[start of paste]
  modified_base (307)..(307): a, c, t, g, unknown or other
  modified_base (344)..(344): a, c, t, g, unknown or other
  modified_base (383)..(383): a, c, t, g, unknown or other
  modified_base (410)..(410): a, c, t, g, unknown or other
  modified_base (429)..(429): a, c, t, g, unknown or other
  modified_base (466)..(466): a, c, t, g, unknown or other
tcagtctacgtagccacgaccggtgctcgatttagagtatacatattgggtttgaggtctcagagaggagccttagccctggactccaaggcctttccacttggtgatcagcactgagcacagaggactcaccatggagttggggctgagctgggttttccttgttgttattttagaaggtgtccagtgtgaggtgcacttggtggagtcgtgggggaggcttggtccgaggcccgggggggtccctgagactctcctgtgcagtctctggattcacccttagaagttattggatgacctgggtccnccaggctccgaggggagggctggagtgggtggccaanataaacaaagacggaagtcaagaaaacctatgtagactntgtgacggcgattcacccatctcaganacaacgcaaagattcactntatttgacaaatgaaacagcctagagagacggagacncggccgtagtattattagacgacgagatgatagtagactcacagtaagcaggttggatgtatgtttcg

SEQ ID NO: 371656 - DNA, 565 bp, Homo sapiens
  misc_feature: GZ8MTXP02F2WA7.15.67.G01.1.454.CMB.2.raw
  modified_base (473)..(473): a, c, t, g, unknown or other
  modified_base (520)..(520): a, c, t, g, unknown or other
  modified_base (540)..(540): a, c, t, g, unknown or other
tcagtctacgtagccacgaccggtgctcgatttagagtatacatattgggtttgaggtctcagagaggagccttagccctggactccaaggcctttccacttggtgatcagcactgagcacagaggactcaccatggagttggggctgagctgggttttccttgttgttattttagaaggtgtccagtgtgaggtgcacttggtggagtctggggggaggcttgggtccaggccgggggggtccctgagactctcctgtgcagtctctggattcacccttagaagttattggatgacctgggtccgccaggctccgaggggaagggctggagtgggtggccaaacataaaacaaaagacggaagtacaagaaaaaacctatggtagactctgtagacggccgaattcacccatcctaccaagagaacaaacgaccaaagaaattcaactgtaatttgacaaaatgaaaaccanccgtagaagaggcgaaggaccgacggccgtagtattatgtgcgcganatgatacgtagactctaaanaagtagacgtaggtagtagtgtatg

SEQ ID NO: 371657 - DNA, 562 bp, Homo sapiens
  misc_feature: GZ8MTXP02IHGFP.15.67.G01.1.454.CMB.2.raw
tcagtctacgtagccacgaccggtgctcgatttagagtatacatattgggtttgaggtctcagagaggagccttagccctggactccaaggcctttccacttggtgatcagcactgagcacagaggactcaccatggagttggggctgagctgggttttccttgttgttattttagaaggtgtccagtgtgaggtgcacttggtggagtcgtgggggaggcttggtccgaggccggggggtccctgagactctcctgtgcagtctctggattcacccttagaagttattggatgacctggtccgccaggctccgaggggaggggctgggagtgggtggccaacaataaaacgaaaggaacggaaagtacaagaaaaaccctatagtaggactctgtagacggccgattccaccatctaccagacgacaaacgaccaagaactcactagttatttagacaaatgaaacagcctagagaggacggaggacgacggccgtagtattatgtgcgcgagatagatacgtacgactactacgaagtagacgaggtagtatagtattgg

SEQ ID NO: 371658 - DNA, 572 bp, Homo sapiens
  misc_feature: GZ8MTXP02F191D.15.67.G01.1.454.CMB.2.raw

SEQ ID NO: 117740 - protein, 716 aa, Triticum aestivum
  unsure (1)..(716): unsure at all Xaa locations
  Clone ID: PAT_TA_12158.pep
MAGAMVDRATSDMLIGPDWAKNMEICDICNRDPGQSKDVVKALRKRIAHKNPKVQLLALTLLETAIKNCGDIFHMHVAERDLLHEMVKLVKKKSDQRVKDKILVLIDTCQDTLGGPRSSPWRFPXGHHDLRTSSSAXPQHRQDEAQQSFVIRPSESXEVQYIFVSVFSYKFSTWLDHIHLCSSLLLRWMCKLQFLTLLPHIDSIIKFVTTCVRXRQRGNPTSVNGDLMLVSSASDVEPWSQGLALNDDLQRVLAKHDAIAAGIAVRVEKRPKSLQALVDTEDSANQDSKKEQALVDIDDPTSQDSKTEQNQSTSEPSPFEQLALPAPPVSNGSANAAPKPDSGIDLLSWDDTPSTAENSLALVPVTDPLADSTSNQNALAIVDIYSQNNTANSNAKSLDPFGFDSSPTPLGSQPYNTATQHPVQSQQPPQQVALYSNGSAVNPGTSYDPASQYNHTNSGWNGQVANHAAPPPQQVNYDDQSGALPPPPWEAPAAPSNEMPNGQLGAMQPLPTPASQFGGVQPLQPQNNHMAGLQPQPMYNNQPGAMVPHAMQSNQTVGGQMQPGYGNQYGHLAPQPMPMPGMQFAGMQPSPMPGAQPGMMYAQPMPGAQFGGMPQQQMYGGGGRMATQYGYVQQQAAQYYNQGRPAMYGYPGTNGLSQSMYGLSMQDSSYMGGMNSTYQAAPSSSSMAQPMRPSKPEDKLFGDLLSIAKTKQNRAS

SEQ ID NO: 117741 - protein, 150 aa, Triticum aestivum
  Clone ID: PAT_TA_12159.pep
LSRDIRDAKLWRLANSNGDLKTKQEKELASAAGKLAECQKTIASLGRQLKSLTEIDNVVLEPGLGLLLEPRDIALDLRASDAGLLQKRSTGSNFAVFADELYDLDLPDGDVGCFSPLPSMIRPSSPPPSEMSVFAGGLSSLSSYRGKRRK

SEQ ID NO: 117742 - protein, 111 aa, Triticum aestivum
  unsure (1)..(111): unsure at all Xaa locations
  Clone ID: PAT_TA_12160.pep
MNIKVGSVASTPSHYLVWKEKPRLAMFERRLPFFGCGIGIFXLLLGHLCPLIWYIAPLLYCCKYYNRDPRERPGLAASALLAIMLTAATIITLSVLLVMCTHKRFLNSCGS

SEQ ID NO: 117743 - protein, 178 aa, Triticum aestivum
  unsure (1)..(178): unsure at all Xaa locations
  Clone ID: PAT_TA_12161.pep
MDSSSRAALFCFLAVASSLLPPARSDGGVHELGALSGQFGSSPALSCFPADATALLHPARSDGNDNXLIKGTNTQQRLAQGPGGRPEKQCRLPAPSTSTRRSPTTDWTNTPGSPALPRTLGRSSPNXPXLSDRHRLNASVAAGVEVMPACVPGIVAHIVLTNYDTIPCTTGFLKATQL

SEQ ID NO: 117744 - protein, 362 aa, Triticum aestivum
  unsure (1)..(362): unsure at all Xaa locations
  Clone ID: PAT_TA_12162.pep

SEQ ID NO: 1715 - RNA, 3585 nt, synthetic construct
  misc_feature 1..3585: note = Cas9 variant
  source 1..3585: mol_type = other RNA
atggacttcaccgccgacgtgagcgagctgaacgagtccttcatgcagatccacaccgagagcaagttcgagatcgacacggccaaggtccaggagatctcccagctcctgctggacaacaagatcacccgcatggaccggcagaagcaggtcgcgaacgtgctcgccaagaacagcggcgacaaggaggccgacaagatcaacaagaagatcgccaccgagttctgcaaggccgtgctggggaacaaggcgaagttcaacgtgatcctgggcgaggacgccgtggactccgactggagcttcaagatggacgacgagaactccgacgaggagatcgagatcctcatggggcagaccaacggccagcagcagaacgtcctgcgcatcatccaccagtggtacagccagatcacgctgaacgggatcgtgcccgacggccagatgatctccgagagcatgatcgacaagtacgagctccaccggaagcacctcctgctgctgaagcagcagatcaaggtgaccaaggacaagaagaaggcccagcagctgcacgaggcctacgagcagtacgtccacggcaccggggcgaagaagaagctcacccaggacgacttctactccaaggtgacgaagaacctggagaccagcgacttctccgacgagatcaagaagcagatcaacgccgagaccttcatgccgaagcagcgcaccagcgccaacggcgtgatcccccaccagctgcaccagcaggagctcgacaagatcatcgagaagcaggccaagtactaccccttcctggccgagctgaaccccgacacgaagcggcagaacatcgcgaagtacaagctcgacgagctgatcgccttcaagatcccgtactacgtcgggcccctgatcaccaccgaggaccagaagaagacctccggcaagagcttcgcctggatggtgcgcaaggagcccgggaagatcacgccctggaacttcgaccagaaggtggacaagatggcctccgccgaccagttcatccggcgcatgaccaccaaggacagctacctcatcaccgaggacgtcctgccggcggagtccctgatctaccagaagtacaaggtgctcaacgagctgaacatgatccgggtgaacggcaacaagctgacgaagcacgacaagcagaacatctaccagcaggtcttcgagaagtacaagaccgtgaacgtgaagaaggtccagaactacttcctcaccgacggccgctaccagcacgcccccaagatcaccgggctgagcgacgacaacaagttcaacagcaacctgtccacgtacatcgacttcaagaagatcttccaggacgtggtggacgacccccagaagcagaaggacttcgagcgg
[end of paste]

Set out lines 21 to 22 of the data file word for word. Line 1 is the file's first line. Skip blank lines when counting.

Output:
  Clone ID: PAT_TA_12158.pep
MAGAMVDRATSDMLIGPDWAKNMEICDICNRDPGQSKDVVKALRKRIAHKNPKVQLLALTLLETAIKNCGDIFHMHVAERDLLHEMVKLVKKKSDQRVKDKILVLIDTCQDTLGGPRSSPWRFPXGHHDLRTSSSAXPQHRQDEAQQSFVIRPSESXEVQYIFVSVFSYKFSTWLDHIHLCSSLLLRWMCKLQFLTLLPHIDSIIKFVTTCVRXRQRGNPTSVNGDLMLVSSASDVEPWSQGLALNDDLQRVLAKHDAIAAGIAVRVEKRPKSLQALVDTEDSANQDSKKEQALVDIDDPTSQDSKTEQNQSTSEPSPFEQLALPAPPVSNGSANAAPKPDSGIDLLSWDDTPSTAENSLALVPVTDPLADSTSNQNALAIVDIYSQNNTANSNAKSLDPFGFDSSPTPLGSQPYNTATQHPVQSQQPPQQVALYSNGSAVNPGTSYDPASQYNHTNSGWNGQVANHAAPPPQQVNYDDQSGALPPPPWEAPAAPSNEMPNGQLGAMQPLPTPASQFGGVQPLQPQNNHMAGLQPQPMYNNQPGAMVPHAMQSNQTVGGQMQPGYGNQYGHLAPQPMPMPGMQFAGMQPSPMPGAQPGMMYAQPMPGAQFGGMPQQQMYGGGGRMATQYGYVQQQAAQYYNQGRPAMYGYPGTNGLSQSMYGLSMQDSSYMGGMNSTYQAAPSSSSMAQPMRPSKPEDKLFGDLLSIAKTKQNRAS